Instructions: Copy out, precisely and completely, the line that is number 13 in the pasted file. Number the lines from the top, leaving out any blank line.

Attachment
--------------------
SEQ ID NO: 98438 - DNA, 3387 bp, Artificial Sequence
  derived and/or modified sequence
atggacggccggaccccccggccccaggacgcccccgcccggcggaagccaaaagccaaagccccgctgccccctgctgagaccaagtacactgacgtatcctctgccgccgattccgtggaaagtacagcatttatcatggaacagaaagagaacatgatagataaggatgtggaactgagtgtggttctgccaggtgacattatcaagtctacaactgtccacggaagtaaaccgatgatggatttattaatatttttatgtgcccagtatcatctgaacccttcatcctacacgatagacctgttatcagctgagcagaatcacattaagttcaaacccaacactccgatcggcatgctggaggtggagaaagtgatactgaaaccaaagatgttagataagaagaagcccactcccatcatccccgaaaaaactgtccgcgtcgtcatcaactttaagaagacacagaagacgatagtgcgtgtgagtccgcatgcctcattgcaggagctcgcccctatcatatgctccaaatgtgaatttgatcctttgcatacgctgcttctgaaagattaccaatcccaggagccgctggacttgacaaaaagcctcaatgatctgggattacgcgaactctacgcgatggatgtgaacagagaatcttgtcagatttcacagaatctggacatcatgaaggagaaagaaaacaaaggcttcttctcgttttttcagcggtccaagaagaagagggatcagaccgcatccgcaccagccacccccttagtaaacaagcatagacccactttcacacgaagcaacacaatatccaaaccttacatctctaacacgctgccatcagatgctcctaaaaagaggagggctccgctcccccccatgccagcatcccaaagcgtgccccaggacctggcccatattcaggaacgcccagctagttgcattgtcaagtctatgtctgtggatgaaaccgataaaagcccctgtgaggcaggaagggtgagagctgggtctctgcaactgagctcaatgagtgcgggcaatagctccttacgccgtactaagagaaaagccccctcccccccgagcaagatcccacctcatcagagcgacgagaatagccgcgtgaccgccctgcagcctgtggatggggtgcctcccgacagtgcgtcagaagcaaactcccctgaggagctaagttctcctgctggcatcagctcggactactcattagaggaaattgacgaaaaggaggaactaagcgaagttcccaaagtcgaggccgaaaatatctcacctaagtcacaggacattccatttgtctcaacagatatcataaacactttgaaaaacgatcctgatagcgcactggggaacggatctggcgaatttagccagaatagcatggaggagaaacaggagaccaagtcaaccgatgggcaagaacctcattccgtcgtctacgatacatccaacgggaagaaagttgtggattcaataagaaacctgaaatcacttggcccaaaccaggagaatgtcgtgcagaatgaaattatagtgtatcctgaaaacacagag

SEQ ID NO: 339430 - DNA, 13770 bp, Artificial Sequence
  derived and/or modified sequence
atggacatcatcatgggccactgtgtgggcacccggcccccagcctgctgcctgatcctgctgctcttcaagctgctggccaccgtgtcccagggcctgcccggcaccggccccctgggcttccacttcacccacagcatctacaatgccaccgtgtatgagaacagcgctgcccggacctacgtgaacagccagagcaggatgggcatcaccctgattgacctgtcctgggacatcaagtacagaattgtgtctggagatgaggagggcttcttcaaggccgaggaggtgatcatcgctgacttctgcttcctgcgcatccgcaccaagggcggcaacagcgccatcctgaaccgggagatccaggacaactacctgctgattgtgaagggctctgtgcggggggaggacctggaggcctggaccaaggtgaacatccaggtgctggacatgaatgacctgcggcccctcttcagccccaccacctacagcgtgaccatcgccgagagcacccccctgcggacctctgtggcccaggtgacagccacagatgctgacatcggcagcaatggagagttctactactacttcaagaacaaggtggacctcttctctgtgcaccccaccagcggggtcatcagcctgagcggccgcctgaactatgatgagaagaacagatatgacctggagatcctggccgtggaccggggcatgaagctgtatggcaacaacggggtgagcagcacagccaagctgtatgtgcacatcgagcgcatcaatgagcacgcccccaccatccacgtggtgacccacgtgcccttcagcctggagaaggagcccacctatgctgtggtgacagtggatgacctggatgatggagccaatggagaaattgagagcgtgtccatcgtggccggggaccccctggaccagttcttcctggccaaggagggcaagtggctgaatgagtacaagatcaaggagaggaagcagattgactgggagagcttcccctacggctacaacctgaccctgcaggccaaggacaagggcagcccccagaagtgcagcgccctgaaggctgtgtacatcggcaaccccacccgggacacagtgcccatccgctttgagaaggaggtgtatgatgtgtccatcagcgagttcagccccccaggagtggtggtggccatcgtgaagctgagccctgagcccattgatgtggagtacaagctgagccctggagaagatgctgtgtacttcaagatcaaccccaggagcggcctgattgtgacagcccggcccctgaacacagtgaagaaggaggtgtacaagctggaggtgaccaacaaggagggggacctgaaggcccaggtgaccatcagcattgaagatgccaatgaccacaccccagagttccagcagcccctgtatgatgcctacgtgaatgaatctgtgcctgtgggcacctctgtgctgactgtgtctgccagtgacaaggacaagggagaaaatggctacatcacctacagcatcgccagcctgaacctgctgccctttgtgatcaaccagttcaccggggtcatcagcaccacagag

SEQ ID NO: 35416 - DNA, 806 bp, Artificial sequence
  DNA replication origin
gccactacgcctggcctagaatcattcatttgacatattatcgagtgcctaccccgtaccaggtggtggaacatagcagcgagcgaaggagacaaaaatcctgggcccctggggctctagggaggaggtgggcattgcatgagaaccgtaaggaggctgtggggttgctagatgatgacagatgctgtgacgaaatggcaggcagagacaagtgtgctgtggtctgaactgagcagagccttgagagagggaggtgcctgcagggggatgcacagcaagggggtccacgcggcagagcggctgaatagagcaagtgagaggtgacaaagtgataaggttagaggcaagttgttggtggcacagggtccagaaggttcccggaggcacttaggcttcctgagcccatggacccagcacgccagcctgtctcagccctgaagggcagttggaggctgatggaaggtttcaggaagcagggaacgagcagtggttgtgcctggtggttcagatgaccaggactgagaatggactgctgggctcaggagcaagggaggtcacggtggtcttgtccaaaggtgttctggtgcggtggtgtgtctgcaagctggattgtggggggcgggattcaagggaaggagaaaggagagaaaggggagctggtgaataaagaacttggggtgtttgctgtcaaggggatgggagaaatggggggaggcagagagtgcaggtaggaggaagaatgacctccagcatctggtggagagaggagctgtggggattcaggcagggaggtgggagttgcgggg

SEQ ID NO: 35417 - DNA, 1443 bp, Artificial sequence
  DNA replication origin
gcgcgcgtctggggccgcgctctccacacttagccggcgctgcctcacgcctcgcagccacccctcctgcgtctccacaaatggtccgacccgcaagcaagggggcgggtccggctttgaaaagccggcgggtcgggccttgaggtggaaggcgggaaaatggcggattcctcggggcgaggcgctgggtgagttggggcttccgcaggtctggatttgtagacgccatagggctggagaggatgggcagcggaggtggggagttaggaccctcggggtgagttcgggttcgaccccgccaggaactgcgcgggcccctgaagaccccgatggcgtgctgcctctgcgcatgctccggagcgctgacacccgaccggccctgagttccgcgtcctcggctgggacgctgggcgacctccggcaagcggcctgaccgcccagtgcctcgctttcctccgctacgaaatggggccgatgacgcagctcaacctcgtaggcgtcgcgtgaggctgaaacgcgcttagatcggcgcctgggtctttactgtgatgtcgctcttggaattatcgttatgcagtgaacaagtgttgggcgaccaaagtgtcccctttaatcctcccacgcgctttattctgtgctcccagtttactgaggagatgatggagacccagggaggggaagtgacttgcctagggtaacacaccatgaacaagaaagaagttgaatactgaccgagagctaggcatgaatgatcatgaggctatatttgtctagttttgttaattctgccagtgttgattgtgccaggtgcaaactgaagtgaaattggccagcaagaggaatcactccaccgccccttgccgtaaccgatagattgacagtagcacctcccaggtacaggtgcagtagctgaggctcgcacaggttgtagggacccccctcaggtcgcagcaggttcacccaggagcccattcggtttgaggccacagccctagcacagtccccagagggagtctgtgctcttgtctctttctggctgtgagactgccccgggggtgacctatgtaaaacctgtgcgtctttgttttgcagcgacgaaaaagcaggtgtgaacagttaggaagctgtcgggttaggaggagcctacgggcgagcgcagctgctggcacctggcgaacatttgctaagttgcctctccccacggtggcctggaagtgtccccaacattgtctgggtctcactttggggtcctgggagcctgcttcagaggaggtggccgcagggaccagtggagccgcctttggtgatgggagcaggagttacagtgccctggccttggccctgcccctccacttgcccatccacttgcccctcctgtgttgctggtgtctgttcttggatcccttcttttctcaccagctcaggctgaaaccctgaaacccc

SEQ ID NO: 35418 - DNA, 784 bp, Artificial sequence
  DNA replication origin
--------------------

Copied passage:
SEQ ID NO: 35418 - DNA, 784 bp, Artificial sequence